Please use this identifier to cite or link to this item:
|Title:||Long-term Leucine Supplementation Improves Metabolic But Not Molecular Responses In The Skeletal Muscle Of Trained Rats Submitted To Exhaustive Exercise|
Gustavo Barbosa; de Oliveira
Andre Gustavo; Cintra Gomes Marcondes
Maria Cristina; Areas
|Abstract:||Although there is some evidence of an ergogenic effect of leucine supplementation on acute response to exercise, there is a paucity of information on whether long-term leucine supplementation influences the adaptive response to chronic endurance training and performance. The main aim of our study was to assess the role of long-term leucine supplementation on molecular and metabolic response in skeletal muscle of trained rats after an exhaustion test. Methods: Twenty-four male Wistar rats were randomly allocated into 4 groups. Two of them (control and trained groups) received a balanced control diet (18% protein) and the other 2 (control leucine and trained leucine groups) received a leucine-rich diet (15% protein with 3% leucine) for 6 weeks. The trained groups were submitted to 1 hour of swimming exercise, 5 d/wk for 6 weeks. Three days after the exercise training period, trained groups were submitted to swimming exercise until exhaustion and muscle metabolic and molecular parameters were assessed. Results: Endurance training increased citrate synthase activity significantly, whereas exercise until exhaustion increased cytokine levels and led to a lack of activation of phosphorylation of the signaling intermediates assessed. Long-term leucine supplementation enhanced muscle glycogen level in trained rats and citrate synthase activity in sedentary ones. However, it failed to enhance endurance performance of trained rats submitted to an exhaustion test and did not prevent exercise-induced reduction in Akt and mTOR activation. Conclusion: Long-term leucine supplementation can enhance citrate synthase activity by itself in sedentary individuals and glycogen content when combined with exercise; however, it does not improve endurance performance or prevent Akt and mTOR exercise-induced inhibition.|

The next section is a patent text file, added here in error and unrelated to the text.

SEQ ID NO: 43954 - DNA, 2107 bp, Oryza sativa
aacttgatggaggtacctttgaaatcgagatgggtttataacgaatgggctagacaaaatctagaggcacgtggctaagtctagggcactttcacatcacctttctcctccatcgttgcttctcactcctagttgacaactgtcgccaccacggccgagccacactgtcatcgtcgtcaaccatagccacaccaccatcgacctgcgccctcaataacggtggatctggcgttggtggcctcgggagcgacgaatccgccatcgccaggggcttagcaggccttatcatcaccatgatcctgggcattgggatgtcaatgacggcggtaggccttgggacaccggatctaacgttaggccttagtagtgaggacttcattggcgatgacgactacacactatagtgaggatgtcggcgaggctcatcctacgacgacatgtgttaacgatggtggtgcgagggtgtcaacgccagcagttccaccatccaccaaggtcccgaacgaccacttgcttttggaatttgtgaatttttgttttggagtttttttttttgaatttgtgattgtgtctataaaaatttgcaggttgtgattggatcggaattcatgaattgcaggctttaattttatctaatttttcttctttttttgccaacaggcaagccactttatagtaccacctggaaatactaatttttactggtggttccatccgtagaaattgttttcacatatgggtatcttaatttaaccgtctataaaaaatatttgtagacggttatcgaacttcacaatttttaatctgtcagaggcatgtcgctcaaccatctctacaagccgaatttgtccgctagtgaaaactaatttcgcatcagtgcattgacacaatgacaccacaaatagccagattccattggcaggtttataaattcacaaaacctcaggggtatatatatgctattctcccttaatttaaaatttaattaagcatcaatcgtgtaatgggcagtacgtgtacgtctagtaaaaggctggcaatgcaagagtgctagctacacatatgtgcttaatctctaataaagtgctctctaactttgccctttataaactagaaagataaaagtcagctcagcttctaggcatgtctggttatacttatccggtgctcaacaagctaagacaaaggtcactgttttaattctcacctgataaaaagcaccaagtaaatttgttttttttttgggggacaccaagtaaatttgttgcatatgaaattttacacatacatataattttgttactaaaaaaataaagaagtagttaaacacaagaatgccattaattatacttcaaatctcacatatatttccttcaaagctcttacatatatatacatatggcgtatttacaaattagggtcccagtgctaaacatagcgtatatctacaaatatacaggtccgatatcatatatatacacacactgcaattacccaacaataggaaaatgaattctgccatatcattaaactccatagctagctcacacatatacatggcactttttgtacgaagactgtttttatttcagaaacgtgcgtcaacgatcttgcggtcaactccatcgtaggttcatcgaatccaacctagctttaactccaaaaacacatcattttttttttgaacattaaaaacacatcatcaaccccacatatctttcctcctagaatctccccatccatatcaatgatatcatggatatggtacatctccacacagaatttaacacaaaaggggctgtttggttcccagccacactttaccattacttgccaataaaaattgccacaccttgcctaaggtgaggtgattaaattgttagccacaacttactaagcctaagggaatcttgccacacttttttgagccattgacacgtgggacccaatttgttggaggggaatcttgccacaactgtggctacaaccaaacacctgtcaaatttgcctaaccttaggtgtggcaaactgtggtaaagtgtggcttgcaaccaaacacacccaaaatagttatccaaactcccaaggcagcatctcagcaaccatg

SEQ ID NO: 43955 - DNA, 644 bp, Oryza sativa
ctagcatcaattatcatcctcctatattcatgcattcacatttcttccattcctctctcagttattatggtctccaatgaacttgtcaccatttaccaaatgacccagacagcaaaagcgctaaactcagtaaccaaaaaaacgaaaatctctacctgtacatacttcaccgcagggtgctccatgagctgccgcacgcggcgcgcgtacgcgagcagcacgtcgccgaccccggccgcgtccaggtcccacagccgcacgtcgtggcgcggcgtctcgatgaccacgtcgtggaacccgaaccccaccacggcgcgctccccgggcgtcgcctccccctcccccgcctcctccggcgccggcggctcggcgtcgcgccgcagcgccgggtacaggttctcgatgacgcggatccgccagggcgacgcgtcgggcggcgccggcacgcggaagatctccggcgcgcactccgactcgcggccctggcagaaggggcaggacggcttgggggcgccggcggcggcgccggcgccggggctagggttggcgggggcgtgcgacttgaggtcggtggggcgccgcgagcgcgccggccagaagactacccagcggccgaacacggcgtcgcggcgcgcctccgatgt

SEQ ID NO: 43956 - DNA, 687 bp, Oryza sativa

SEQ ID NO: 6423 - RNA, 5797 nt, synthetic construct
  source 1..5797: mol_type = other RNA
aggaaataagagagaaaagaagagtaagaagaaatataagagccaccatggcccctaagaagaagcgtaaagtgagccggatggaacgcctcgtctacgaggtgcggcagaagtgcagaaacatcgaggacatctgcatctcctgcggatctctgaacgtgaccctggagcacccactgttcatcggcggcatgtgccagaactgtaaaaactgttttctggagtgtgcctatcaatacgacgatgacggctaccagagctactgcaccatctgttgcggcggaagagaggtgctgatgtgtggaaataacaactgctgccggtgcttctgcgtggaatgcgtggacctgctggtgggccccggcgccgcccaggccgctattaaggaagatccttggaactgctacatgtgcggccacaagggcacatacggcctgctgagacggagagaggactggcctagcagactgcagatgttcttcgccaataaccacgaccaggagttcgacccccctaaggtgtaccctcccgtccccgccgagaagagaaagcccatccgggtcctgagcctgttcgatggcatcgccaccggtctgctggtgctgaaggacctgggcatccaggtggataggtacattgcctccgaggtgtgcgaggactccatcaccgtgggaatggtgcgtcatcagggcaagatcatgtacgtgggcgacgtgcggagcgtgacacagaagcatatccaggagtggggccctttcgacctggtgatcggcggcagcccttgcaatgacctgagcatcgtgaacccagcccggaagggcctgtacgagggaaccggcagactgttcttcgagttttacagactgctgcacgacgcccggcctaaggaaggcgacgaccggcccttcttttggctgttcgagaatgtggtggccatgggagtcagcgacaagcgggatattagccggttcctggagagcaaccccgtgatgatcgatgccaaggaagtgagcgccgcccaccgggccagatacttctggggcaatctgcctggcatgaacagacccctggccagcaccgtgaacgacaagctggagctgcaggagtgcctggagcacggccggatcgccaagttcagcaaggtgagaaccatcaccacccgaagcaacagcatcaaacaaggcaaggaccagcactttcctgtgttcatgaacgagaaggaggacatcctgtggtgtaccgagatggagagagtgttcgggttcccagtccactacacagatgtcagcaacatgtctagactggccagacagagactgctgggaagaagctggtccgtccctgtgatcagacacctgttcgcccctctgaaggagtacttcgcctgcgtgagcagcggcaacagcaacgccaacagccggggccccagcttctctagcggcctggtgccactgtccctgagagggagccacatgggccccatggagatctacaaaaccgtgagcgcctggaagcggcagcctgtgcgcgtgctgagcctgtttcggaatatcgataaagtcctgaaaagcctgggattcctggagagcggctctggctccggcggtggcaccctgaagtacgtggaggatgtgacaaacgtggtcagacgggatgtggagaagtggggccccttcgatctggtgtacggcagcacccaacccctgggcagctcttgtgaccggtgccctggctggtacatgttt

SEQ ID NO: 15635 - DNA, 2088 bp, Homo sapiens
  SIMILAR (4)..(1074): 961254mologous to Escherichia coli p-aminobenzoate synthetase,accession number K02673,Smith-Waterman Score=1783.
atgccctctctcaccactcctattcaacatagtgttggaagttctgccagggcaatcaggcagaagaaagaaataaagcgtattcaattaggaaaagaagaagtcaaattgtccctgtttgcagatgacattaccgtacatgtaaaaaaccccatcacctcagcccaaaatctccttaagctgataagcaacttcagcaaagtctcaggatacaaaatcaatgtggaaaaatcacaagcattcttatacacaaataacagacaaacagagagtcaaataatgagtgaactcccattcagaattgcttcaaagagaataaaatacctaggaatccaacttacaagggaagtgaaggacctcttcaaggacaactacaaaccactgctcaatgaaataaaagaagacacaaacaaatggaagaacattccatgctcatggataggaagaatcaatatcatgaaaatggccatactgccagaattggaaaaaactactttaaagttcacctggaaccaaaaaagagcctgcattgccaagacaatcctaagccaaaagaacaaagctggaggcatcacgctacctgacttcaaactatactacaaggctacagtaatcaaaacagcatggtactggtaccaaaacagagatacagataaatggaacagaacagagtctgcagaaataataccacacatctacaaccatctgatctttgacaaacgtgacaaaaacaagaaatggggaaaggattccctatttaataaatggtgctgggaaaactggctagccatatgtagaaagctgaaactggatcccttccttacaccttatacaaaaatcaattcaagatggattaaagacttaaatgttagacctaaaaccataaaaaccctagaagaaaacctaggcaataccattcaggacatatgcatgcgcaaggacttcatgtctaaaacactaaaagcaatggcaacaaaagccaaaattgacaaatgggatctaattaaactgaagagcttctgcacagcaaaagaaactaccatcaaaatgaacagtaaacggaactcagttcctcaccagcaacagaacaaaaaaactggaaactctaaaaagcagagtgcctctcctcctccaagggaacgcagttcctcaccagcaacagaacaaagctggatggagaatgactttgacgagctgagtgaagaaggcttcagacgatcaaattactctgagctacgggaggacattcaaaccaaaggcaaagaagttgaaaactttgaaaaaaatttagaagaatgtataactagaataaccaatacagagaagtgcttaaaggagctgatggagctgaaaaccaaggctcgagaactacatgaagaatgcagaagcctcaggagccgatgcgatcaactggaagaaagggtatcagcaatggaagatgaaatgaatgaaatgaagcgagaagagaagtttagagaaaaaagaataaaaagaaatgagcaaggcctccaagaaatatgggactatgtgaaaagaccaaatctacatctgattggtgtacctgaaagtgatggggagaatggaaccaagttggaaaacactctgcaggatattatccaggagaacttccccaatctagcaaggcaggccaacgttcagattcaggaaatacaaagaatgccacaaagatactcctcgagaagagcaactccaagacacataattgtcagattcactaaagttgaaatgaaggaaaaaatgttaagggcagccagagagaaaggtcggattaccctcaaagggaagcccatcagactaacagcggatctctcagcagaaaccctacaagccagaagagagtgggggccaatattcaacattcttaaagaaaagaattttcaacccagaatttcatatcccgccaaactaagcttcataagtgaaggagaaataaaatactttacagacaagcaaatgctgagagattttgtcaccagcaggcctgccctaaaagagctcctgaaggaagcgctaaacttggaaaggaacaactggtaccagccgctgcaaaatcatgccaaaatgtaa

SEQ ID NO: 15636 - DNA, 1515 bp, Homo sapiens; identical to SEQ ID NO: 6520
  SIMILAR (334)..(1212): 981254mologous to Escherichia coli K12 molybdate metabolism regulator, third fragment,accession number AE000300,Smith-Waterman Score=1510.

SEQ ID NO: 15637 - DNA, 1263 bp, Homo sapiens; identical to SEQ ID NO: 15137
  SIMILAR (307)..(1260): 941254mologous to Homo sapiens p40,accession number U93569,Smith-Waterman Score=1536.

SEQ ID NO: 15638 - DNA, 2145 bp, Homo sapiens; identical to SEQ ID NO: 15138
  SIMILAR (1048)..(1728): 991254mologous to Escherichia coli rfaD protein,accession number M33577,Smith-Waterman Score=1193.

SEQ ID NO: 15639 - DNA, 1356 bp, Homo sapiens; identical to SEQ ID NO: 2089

|Editor:||Routledge Journals, Taylor & Francis Ltd|
|Citation:||Journal Of The American College Of Nutrition . Routledge Journals, Taylor & Francis Ltd, v. 36, p. 81 - 87, 2017.|
|Appears in Collections:||Unicamp - Artigos e Outros Documentos|
Files in This Item:
There are no files associated with this item.
Items in DSpace are protected by copyright, with all rights reserved, unless otherwise indicated.